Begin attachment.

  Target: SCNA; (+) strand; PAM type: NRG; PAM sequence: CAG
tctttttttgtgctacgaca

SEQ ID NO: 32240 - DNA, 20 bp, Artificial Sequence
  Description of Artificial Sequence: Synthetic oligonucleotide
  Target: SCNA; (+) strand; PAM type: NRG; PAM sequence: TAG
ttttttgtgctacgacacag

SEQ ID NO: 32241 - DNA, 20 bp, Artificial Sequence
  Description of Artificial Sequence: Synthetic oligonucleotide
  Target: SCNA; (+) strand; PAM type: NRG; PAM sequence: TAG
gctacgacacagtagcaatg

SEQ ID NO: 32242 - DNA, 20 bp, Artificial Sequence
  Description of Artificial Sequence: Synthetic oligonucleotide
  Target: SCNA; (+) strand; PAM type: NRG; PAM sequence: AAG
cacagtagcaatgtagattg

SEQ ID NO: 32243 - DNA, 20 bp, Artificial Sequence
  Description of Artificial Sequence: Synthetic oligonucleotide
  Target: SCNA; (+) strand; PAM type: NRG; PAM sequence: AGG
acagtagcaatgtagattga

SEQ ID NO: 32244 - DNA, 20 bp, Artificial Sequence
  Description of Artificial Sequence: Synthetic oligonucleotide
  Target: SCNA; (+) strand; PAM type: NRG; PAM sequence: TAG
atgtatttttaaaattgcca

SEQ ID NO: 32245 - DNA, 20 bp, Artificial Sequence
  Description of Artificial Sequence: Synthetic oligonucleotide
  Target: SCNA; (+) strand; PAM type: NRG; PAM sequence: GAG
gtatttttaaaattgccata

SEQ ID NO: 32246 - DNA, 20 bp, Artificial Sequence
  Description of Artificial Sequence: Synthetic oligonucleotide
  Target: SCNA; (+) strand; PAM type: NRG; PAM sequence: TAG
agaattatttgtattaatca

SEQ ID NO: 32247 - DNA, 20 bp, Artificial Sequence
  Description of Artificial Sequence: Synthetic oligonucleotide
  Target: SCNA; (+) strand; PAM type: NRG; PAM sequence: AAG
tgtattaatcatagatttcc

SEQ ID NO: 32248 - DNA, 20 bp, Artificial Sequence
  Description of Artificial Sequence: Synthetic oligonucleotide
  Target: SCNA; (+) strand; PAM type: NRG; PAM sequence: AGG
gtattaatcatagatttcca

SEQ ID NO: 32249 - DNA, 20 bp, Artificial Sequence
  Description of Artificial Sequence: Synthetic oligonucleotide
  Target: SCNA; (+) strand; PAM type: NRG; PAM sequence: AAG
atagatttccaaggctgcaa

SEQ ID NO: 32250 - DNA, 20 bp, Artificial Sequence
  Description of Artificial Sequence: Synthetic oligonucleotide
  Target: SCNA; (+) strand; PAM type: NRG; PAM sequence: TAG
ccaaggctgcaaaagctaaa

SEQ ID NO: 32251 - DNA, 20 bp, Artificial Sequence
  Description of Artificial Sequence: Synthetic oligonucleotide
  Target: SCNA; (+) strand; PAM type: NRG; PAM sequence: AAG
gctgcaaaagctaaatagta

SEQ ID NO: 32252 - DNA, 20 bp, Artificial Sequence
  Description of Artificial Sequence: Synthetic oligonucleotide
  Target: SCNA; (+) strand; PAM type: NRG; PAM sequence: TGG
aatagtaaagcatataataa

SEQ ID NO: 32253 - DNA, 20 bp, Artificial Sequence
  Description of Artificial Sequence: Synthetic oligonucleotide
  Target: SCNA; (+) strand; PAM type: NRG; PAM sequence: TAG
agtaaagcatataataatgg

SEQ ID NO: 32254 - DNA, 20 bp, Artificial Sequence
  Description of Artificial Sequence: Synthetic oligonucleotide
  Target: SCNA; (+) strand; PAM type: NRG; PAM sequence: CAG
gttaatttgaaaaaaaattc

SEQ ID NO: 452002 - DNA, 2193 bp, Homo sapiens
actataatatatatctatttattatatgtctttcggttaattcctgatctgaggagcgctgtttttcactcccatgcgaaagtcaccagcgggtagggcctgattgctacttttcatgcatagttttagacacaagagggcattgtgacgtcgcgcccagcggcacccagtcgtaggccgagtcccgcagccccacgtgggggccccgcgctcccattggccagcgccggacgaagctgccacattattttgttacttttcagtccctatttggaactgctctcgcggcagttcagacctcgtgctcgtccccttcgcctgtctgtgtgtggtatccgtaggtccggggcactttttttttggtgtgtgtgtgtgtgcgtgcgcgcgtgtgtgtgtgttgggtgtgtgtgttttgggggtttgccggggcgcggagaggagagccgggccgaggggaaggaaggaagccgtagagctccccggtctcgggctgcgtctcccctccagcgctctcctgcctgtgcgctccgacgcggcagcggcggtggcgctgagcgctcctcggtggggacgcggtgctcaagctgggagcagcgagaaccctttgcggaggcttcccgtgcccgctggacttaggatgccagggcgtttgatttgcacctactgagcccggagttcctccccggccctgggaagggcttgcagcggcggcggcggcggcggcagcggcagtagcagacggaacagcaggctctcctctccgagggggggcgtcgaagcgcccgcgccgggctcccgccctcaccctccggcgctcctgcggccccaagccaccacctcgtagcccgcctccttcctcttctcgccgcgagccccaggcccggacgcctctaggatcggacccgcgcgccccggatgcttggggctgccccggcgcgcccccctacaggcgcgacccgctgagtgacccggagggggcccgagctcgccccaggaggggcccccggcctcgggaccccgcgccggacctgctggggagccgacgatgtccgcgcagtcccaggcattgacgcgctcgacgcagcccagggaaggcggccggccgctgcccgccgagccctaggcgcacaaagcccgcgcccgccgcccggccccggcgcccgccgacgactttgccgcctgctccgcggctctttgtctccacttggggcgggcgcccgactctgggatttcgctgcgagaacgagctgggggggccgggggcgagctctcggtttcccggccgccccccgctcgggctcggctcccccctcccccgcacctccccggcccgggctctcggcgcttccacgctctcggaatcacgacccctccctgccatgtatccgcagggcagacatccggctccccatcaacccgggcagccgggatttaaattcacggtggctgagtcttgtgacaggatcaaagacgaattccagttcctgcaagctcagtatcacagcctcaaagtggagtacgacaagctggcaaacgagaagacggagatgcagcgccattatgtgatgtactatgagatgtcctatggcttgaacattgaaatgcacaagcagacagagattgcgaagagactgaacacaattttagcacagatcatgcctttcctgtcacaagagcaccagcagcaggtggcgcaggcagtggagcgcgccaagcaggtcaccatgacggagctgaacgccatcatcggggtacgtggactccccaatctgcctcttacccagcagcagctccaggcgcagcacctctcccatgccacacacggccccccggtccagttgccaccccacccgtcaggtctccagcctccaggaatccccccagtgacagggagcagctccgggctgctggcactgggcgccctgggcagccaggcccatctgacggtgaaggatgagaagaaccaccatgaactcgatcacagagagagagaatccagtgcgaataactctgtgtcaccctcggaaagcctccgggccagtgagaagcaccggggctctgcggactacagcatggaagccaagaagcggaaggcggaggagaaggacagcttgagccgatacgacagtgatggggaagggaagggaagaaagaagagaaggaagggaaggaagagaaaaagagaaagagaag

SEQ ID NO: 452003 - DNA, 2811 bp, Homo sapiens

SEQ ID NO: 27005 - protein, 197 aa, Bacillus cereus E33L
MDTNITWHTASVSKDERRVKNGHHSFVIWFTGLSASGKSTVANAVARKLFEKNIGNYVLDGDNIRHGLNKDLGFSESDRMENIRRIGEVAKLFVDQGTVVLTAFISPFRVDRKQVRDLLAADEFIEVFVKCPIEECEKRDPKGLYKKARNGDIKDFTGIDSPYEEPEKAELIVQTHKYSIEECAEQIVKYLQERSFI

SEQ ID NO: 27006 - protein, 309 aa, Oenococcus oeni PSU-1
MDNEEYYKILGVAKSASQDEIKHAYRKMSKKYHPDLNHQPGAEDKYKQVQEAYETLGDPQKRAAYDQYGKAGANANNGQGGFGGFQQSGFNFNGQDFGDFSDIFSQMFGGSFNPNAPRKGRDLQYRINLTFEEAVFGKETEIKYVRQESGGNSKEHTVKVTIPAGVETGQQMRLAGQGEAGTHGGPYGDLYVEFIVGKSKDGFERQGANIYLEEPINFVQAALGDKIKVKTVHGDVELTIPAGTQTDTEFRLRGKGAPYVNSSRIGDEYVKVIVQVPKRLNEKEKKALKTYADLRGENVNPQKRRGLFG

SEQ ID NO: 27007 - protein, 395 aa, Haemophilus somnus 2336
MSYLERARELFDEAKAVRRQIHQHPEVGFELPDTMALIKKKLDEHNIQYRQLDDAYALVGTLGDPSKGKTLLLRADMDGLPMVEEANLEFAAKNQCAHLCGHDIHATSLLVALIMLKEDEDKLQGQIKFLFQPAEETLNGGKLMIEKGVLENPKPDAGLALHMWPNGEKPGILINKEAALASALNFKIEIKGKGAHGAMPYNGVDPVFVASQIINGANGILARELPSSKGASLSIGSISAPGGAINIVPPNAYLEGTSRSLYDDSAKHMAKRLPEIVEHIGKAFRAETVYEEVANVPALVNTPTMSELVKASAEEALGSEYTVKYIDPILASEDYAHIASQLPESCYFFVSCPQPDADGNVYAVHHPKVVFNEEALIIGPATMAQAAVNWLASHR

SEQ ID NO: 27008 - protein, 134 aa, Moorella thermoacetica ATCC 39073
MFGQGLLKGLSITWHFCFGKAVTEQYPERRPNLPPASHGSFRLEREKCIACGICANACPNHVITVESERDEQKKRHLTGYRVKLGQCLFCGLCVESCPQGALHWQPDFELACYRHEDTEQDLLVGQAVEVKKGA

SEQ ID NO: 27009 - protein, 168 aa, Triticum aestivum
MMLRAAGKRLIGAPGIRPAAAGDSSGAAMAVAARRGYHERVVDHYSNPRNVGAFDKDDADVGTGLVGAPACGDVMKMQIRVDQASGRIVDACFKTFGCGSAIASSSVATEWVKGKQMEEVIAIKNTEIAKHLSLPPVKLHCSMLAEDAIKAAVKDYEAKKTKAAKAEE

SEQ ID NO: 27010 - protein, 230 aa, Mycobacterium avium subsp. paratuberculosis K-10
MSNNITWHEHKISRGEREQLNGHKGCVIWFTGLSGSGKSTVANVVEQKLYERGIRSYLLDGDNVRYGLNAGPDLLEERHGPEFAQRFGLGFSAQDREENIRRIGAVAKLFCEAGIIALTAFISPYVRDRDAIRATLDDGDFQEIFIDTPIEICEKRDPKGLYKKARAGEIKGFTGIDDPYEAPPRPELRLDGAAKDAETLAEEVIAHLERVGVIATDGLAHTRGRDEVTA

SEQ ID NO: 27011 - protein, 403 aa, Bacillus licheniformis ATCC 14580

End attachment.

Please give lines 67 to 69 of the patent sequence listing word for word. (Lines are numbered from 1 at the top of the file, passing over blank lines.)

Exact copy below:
MDTNITWHTASVSKDERRVKNGHHSFVIWFTGLSASGKSTVANAVARKLFEKNIGNYVLDGDNIRHGLNKDLGFSESDRMENIRRIGEVAKLFVDQGTVVLTAFISPFRVDRKQVRDLLAADEFIEVFVKCPIEECEKRDPKGLYKKARNGDIKDFTGIDSPYEEPEKAELIVQTHKYSIEECAEQIVKYLQERSFI

SEQ ID NO: 27006 - protein, 309 aa, Oenococcus oeni PSU-1
MDNEEYYKILGVAKSASQDEIKHAYRKMSKKYHPDLNHQPGAEDKYKQVQEAYETLGDPQKRAAYDQYGKAGANANNGQGGFGGFQQSGFNFNGQDFGDFSDIFSQMFGGSFNPNAPRKGRDLQYRINLTFEEAVFGKETEIKYVRQESGGNSKEHTVKVTIPAGVETGQQMRLAGQGEAGTHGGPYGDLYVEFIVGKSKDGFERQGANIYLEEPINFVQAALGDKIKVKTVHGDVELTIPAGTQTDTEFRLRGKGAPYVNSSRIGDEYVKVIVQVPKRLNEKEKKALKTYADLRGENVNPQKRRGLFG